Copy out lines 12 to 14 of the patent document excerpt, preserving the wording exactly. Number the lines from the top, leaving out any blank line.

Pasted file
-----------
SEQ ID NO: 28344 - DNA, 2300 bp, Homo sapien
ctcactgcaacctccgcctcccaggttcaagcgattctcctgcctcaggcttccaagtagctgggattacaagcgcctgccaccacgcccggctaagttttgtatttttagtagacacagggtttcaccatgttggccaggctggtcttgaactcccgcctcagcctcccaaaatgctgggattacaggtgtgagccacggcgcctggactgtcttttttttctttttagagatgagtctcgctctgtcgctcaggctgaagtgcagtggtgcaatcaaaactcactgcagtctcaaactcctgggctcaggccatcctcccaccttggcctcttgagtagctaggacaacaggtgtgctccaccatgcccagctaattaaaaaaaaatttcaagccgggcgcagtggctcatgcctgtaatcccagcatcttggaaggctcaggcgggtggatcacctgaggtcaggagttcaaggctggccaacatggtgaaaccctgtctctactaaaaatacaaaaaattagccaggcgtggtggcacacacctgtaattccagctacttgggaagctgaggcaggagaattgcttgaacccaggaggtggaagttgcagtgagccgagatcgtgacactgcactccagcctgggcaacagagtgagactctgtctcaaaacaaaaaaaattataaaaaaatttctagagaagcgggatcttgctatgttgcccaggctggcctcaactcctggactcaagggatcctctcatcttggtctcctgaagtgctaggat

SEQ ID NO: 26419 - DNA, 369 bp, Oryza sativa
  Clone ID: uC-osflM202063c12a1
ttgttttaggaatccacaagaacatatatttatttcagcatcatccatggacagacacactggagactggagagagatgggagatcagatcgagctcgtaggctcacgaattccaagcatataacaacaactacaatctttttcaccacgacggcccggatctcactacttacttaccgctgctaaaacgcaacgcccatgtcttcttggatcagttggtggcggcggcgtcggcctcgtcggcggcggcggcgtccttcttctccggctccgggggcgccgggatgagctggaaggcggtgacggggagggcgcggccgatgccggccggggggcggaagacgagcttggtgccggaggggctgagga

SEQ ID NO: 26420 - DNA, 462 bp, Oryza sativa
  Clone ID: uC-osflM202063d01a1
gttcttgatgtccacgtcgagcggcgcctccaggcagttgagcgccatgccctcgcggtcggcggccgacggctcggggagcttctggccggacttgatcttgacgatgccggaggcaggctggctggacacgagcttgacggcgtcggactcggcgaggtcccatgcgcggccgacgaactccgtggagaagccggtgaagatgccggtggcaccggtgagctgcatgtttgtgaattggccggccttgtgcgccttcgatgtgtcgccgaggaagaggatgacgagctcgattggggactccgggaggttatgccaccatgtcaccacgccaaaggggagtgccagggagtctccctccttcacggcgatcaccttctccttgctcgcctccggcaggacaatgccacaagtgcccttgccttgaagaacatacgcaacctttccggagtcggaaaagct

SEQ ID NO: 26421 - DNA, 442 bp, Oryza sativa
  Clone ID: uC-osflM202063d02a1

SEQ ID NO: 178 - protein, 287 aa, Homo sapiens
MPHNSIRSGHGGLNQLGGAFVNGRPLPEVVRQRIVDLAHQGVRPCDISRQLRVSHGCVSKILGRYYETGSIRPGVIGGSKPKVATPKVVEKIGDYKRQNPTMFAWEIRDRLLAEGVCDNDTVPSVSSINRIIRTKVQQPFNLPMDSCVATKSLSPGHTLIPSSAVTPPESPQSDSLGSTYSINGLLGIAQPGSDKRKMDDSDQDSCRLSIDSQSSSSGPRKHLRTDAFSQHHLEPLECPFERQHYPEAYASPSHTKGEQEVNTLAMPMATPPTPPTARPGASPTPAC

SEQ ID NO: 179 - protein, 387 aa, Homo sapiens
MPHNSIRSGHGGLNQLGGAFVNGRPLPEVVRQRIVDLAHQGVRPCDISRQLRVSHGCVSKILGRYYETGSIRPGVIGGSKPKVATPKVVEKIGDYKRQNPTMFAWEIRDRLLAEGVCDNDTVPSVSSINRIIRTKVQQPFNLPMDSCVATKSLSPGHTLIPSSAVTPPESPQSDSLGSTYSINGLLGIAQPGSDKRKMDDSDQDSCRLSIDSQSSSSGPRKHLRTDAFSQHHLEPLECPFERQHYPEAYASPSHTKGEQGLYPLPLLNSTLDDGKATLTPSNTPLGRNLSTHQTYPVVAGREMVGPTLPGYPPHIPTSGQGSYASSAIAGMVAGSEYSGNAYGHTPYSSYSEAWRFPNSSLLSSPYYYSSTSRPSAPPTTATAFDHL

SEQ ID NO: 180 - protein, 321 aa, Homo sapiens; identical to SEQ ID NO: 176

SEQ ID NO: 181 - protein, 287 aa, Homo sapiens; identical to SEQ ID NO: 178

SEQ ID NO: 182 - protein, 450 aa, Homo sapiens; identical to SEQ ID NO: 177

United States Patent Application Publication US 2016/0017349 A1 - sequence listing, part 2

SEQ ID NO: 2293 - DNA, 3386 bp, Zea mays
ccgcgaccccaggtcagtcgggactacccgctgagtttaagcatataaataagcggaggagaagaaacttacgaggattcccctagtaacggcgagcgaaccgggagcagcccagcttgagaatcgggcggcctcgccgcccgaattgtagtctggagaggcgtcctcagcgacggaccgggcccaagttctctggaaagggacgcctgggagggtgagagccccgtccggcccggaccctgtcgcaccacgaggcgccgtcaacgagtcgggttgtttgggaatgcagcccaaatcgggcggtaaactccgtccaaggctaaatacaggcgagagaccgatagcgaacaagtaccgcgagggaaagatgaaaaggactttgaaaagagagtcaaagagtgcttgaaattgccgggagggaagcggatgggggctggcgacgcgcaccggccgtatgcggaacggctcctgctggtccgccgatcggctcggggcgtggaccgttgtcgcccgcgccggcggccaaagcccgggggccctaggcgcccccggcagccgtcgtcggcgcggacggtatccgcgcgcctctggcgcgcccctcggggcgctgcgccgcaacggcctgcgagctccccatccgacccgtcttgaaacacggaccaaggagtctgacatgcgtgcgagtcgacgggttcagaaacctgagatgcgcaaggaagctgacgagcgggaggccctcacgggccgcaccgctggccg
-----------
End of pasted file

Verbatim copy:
MPHNSIRSGHGGLNQLGGAFVNGRPLPEVVRQRIVDLAHQGVRPCDISRQLRVSHGCVSKILGRYYETGSIRPGVIGGSKPKVATPKVVEKIGDYKRQNPTMFAWEIRDRLLAEGVCDNDTVPSVSSINRIIRTKVQQPFNLPMDSCVATKSLSPGHTLIPSSAVTPPESPQSDSLGSTYSINGLLGIAQPGSDKRKMDDSDQDSCRLSIDSQSSSSGPRKHLRTDAFSQHHLEPLECPFERQHYPEAYASPSHTKGEQEVNTLAMPMATPPTPPTARPGASPTPAC

SEQ ID NO: 179 - protein, 387 aa, Homo sapiens
MPHNSIRSGHGGLNQLGGAFVNGRPLPEVVRQRIVDLAHQGVRPCDISRQLRVSHGCVSKILGRYYETGSIRPGVIGGSKPKVATPKVVEKIGDYKRQNPTMFAWEIRDRLLAEGVCDNDTVPSVSSINRIIRTKVQQPFNLPMDSCVATKSLSPGHTLIPSSAVTPPESPQSDSLGSTYSINGLLGIAQPGSDKRKMDDSDQDSCRLSIDSQSSSSGPRKHLRTDAFSQHHLEPLECPFERQHYPEAYASPSHTKGEQGLYPLPLLNSTLDDGKATLTPSNTPLGRNLSTHQTYPVVAGREMVGPTLPGYPPHIPTSGQGSYASSAIAGMVAGSEYSGNAYGHTPYSSYSEAWRFPNSSLLSSPYYYSSTSRPSAPPTTATAFDHL